The English language is a commodious beast, packed with all sorts of strange words gathered from all corners of the earth. Take, for example, the multitude of terms available to describe more than one bird of a particular type. Some of them are noted above. But we also have a charm of finches, a deceit of lapwings, a lamentation of swans, a pitying of turtledoves, and my personal favourite, a murmuration of starlings.

Coming back to owls and parliaments, the term parliament comes from the French “parler”, which is the verb, to speak. Parliament is therefore a discussion or where one goes to speak. More specifically, since the Oxford Parliament of 1256, it has been the name given in England to that great institution of state which guides and counsels the sovereign in the exercise of power.

Parliament, then, represents the collective wisdom of the people. And since owls in western culture have long since been venerated as symbols of learning and wisdom — owls being the symbol for Athena, the Greek goddess of wisdom — the term “Parliament of Owls” flatters both Parliament and owls. Tellingly, the other phrase for a group of owls is a “wisdom of owls”.

The aim of this extended linguistic exercise is not to make the obvious point that in our culture owls are symbols of stupidity and not symbols of wisdom. Yes, calling somebody the “son of an owl” in Lahore is likely to be met with a different “son of” compliment. However, the point here is not that we also think our Parliament is full of owls but that it is important to have the right perspective — cultural, linguistic or otherwise.

I mention all of this because a few days ago, the leader of our provincial Parliament was sworn in after being elected unopposed. I have a lot of respect for Mian Shahbaz Sharif and am genuinely happy that he has become the Chief Minister of the Punjab. He did a lot of good things for Lahore earlier and demonstrated a serious commitment to public welfare. According to one famous (possibly apocryphal) story, he drove the then head of WASA at four in the morning to an especially deep puddle in the middle of a main road and turfed him out of his car to deal with the problem. Most importantly, he had the good sense to surround himself with some genuinely smart people, including people that I have subsequently come to know and respect.

After getting sworn in as Chief Minister, Mian Shahbaz Sharif gave a speech in which he went back to the favourite themes of the day, about how the dark deeds of eight years of dictatorship will soon be wiped out, and how President Musharraf remains the source of destabilising conspiracies.

My problem with Mian Sahib’s speech is that he makes me feel like a Nazi collaborator and I don’t like that. I can understand that after eight years in exile, Mian Shahbaz Sharif feels compelled to construct a narrative for himself in which he and his brother, like De Gaulle in exile, proudly held aloft the banner of a free Pakistan while the rest of his compatriots remained shackled and supine, crushed under the heel of a dastardly dictator. Cue the music from “The Great Escape,” as the Mian Sahibaan jump the walls of Attock Fort on a stolen motorbike.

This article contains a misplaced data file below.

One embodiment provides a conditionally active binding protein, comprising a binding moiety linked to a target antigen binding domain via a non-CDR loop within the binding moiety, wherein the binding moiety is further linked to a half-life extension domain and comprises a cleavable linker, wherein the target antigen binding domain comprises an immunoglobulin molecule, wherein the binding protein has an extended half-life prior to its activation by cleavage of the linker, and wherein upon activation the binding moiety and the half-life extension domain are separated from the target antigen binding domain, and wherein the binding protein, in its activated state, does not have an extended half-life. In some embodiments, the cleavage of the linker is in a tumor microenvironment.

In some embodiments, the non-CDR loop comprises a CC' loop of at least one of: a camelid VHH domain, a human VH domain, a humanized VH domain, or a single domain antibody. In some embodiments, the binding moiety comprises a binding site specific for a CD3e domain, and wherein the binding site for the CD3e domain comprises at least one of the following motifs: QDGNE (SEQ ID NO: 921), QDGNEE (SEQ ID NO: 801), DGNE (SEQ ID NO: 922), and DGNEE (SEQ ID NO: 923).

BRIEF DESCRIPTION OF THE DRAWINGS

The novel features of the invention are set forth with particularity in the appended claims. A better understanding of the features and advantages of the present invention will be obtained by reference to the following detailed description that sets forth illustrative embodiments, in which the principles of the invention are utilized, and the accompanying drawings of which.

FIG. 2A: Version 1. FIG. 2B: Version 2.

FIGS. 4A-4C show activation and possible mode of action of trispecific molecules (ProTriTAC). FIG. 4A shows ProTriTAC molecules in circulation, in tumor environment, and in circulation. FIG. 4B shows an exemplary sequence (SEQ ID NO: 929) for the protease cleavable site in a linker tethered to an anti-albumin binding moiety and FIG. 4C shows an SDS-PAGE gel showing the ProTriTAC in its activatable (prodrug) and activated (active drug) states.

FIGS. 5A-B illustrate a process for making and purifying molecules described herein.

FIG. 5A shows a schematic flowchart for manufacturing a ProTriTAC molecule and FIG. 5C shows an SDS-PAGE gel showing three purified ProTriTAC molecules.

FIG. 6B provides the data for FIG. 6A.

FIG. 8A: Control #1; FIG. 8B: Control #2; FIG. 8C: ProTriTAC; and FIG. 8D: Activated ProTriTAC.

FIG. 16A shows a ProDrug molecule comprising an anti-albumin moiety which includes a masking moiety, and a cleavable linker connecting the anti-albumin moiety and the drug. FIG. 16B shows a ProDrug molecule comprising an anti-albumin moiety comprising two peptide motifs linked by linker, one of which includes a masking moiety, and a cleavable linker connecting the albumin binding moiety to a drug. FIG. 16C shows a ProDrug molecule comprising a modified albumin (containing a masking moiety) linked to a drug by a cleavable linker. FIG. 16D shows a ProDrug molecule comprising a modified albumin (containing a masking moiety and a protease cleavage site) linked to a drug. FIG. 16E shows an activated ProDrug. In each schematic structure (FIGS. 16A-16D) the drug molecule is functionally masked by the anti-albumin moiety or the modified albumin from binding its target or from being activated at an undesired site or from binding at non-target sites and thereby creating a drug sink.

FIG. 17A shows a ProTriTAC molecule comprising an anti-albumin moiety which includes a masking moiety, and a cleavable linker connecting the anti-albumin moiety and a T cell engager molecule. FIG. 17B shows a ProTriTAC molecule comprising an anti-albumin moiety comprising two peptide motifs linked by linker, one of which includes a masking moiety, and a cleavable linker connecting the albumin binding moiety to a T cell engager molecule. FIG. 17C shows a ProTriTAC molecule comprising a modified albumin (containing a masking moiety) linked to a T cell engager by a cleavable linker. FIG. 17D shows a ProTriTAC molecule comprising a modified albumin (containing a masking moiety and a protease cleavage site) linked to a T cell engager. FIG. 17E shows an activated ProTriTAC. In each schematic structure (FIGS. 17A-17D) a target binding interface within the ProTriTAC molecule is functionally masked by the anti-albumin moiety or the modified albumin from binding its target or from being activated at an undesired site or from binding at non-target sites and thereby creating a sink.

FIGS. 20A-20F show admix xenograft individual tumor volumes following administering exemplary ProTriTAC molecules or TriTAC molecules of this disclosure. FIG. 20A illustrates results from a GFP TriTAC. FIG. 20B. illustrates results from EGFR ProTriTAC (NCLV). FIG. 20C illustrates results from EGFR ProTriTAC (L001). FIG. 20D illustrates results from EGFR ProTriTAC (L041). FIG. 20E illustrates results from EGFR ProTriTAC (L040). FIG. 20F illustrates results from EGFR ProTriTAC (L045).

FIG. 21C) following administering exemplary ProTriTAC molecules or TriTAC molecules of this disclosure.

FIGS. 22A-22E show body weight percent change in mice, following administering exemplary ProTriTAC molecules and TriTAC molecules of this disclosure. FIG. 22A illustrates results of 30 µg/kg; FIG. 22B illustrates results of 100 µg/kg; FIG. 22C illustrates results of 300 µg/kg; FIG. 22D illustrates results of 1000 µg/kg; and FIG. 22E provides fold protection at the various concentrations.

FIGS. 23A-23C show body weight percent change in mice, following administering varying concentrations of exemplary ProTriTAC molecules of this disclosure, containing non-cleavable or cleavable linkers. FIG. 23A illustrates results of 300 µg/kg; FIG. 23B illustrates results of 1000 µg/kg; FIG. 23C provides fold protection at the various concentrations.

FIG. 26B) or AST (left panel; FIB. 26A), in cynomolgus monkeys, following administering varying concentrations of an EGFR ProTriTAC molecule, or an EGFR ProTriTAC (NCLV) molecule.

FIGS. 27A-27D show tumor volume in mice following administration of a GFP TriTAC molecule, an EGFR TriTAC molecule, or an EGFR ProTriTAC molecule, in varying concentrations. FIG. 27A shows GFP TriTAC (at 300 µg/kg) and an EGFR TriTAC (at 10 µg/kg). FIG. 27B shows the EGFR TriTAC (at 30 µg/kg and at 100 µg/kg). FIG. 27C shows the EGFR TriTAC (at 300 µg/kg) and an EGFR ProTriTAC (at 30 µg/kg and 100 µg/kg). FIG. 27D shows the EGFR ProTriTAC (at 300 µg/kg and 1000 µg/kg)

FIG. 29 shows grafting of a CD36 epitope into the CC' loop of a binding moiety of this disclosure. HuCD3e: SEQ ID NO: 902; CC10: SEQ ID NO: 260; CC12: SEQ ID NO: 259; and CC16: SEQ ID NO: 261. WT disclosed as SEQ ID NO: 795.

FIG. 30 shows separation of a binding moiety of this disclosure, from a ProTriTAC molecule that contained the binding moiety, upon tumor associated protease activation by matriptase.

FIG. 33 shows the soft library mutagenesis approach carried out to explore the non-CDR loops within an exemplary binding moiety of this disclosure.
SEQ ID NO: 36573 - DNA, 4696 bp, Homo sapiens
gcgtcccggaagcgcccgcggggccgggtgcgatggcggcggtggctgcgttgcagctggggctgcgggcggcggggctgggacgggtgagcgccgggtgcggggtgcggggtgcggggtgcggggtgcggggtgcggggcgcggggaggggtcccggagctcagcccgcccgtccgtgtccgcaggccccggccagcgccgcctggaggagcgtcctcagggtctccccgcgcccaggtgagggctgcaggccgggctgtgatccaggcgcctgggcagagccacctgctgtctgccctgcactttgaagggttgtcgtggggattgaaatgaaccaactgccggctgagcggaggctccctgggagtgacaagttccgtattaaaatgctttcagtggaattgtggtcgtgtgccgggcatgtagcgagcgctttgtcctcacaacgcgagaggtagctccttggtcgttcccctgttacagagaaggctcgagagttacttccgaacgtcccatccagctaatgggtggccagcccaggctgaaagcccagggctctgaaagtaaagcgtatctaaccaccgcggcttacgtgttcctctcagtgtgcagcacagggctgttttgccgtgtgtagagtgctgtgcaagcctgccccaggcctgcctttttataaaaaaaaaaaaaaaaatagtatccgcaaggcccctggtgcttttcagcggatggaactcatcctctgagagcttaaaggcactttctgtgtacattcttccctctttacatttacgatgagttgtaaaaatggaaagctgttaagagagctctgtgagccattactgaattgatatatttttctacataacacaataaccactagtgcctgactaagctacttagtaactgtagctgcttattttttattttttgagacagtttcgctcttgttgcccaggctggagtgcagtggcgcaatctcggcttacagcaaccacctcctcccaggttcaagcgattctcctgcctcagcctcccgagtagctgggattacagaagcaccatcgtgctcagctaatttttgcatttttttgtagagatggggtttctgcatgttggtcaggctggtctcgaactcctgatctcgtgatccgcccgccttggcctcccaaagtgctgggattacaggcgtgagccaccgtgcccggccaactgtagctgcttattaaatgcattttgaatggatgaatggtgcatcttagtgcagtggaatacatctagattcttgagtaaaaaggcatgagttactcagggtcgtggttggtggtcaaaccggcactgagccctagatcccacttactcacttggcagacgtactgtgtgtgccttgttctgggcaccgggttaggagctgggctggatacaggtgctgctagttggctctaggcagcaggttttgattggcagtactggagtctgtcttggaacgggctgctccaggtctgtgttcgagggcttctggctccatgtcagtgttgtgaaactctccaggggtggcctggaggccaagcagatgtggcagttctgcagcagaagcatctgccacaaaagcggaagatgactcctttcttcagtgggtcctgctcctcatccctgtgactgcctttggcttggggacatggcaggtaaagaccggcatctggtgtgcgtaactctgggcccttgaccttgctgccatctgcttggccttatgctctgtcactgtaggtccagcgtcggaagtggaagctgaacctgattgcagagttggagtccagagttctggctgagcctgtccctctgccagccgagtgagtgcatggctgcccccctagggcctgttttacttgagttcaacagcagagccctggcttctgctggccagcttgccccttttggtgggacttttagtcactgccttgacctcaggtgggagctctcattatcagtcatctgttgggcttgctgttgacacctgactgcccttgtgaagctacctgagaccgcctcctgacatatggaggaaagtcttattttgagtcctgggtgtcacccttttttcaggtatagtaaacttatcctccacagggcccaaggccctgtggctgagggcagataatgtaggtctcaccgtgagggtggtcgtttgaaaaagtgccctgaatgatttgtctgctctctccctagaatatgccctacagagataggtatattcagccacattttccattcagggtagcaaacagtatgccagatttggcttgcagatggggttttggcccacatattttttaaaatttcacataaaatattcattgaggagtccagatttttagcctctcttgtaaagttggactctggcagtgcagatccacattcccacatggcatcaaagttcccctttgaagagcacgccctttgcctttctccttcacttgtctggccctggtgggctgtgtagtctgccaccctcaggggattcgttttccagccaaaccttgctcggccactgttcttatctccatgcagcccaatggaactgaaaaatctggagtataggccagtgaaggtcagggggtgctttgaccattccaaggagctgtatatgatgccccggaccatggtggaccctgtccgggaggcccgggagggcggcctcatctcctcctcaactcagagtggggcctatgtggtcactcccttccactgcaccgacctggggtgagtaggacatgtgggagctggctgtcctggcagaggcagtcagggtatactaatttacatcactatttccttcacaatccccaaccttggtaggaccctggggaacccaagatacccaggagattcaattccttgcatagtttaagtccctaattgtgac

But, the truth of the matter is that we did not spend the past eight years suffering in extreme agony. Yes, General (now President) Musharraf made some really dumb mistakes. Failing to provide for growing electricity demand being Exhibit A. Firing a popular chief justice, showing himself in military uniform while firing the chief justice, and then having the chief justice physically mauled before an independent media being Exhibit B. But go back ten years and we also had a prime minister then who thought assaulting the Supreme Court was a good idea. So, let us not forget that we all make mistakes. Let us, instead, find a different perspective.

From my point of view, the operative fact is that nobody forced Mian Shahbaz Sharif either to become a member of the Provincial Assembly or to become Chief Minister of the Punjab. It is a job that he has sought. And it is a slot which, I repeat, I am happy to see him occupy. But, having attained his goal, it does not behoove him to spend precious time whinging about the inequities of the past. I want my leaders to tell me how things are going to get better. I want them to get cracking. I do not want to them to act as if they had campaigned for the role of Chicken Little.

Mian Shahbaz Sharif today has an unparalleled opportunity to put his undoubted talents to good use. Much has been done in the last five years — whether he cares to acknowledge it or not — but much remains to be done. If he makes the most of this opportunity, then someday we too may be able to use the phrase “parliament of owls” as a compliment and not as an insult.